We examine cognitive abilities from an evolutionary perspective by conducting comparative research on different lemurs in the wild and in the lab. In the wild, we examine how ecological challenges shape animal’s cognitive abilities, how the social environment an animal lives in influences their ability to learn from each other, how individual cognitive abilities are linked to individual’s fitness and survival, and how lemurs coordinate their activities and solve conflicts. In captivity, we conduct a battery of cognitive tests to examine how brain size, social organization, and breeding strategies of lemurs are linked to their cognitive abilities.
Evolutionary roots of cognition:
Allomaternal care is key to prosocial behavior
Burkart et al. (2014) The evolutionary origin of human hyper-cooperation. Nature Communications 5:4747
The Primate Cognition Test Battery (PCTB) applied to three species of lemurs (Microcebus murinus, Varecia variegata and Lemur catta).
Cooperation in three species of lemurs (Microcebus murinus, Varecia variegata and Lemur catta).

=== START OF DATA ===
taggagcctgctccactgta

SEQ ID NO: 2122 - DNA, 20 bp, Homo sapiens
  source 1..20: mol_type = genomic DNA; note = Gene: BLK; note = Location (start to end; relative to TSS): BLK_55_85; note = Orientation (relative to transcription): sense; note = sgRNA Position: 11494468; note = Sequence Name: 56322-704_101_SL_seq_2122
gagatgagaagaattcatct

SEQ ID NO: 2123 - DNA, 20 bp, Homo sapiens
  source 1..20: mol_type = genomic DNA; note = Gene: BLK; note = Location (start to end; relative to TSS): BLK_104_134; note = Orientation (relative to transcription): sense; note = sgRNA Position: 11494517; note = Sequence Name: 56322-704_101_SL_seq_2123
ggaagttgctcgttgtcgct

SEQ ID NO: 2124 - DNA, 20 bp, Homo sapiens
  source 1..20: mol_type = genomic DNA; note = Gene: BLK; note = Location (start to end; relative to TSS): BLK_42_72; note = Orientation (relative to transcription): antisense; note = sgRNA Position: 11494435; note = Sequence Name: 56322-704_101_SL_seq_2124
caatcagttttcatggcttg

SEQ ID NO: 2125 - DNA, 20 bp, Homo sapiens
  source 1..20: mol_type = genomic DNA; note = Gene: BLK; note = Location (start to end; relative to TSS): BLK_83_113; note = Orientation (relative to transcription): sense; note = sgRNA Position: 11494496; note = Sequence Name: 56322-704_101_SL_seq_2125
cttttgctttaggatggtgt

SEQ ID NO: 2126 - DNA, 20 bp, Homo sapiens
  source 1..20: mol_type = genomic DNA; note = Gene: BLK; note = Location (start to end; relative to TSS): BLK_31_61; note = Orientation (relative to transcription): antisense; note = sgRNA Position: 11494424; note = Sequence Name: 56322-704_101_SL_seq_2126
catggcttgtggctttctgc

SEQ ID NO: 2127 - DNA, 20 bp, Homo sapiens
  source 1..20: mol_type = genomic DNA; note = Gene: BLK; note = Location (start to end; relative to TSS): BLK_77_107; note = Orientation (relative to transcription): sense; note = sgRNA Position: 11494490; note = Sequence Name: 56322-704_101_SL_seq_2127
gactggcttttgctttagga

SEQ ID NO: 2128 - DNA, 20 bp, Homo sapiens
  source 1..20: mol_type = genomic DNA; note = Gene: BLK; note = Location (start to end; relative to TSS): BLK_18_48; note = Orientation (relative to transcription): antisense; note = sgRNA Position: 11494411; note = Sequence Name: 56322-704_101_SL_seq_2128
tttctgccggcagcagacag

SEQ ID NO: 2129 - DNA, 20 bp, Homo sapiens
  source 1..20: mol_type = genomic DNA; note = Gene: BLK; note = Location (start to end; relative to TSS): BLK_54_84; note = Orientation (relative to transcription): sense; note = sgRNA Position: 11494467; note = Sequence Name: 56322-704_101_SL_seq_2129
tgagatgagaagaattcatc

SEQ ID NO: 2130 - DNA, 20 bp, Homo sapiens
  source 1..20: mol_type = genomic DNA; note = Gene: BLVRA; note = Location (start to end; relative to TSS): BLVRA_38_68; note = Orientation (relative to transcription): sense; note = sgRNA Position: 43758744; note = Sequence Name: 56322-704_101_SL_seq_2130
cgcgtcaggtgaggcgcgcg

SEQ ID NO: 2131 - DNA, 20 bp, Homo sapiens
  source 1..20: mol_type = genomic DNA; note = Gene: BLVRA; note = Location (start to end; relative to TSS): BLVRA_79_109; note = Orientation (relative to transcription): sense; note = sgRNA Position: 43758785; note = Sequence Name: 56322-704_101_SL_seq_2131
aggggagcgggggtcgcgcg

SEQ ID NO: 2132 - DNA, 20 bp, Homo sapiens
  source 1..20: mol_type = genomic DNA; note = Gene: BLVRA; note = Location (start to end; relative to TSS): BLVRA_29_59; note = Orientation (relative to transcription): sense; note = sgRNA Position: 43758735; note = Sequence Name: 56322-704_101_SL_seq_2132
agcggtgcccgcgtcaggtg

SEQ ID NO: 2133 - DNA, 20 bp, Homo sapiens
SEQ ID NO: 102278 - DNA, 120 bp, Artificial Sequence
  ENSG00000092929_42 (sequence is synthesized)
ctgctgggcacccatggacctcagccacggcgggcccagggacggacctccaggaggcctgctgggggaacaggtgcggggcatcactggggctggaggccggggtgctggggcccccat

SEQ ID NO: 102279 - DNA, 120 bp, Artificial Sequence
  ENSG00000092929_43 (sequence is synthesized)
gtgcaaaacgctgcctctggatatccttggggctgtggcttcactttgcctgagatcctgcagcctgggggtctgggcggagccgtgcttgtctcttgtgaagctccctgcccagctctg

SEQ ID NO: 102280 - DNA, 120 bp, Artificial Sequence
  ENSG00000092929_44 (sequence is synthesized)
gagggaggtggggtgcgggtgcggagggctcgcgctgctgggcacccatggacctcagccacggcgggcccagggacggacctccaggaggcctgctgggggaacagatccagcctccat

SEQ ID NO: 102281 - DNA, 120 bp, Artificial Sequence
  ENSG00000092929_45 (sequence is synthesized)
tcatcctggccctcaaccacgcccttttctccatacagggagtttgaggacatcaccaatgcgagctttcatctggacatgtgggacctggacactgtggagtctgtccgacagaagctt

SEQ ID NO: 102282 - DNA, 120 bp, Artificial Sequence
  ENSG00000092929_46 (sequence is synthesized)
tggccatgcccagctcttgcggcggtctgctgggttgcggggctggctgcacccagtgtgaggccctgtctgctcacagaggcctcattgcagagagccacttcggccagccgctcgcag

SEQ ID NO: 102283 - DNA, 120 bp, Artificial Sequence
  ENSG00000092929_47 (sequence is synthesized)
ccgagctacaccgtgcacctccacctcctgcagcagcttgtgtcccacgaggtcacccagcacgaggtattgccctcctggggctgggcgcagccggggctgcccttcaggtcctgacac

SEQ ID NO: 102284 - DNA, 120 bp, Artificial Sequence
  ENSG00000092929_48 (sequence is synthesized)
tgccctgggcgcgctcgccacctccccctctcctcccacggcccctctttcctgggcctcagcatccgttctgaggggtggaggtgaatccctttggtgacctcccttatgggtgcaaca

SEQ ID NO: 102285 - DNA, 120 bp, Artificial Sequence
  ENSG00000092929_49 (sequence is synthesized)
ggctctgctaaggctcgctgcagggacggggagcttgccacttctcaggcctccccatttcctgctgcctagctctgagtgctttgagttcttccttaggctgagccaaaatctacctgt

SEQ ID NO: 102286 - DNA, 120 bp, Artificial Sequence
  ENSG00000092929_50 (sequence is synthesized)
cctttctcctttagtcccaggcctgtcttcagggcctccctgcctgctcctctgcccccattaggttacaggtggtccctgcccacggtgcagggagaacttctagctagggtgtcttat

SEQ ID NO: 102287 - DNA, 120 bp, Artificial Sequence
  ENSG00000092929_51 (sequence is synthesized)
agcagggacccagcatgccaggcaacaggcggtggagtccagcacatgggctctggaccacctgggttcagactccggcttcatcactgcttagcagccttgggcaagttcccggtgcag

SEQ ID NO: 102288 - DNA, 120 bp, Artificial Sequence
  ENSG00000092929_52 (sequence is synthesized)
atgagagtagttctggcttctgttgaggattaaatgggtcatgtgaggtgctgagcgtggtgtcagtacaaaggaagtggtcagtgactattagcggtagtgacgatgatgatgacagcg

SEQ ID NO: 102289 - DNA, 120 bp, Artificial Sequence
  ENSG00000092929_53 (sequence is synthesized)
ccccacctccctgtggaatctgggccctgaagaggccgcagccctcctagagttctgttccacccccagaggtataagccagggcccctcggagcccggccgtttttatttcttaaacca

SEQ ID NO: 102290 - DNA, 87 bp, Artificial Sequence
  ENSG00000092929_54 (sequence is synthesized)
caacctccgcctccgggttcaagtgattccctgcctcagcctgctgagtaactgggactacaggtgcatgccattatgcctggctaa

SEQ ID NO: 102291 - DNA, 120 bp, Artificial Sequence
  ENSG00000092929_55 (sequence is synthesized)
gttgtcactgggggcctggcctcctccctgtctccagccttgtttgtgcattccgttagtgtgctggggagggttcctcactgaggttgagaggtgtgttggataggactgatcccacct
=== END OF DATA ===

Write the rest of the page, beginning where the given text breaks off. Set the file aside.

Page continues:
Cognition and fitness
The link between cognition and fitness in wild gray mouse lemurs (Microcebus murinus).
Johanna Henke-von der Malsburg:
Generalist or specialist? On the link between habitat specialization and cognition in two closely related species of mouse lemurs.
Redfronted lemurs learn socially but do not exhibit long-term traditions
Schnoell AV, Fichtel C (2012) Wild redfronted lemurs (Eulemur rufifrons) use social information to learn new foraging techniques. Animal Cognition 15: 505-516.
Schnoell AV, Dittmann M T & Fichtel C (2014) Human-introduced long-term traditions in wild redfronted lemurs. Animal Cognition 17: 45-54.
Influence of rank and sex on social learning in ringtailed lemurs (Lemur catta)
Coordination and conflicts
Opportunists with a home advanatage:Sifakas participate opportunistically in intergroup conflicts
Koch et al. (2016) Intergroup encounters in Verreaux’s sifakas (Propithecus verreauxi): who fights and why? Behavioral Ecology and Sociobiology 70: 797-808.
Having a home advantage pays off
Koch et al. (2016) The role of the residence-effect on the outcome of intergroup encounters in Verreaux’s sifakas. Scientific Reports 6: 28457.
Pyritz et al. (2011) Reaching a consensus: Terminology and concepts used in coordination and decision-making research. International Journal of Primatology 32: 1268-1278.
Lemur females lead groups more often than males.
Pyritz et al. (2011) Coordination of group movements in wild red-fronted lemurs: Processes and influence of ecological and reproductive seasonality. International Journal of Primatology 32: 1325-1347.
Pyritz et al. (2013) Determinants and outcomes of decision-making, group coordination and social interactions during a foraging experiment in a wild primate. PLoS ONE 8: e53144.
Who leads? Personality and leadership in redfronted lemurs (Eulemur rufifrons).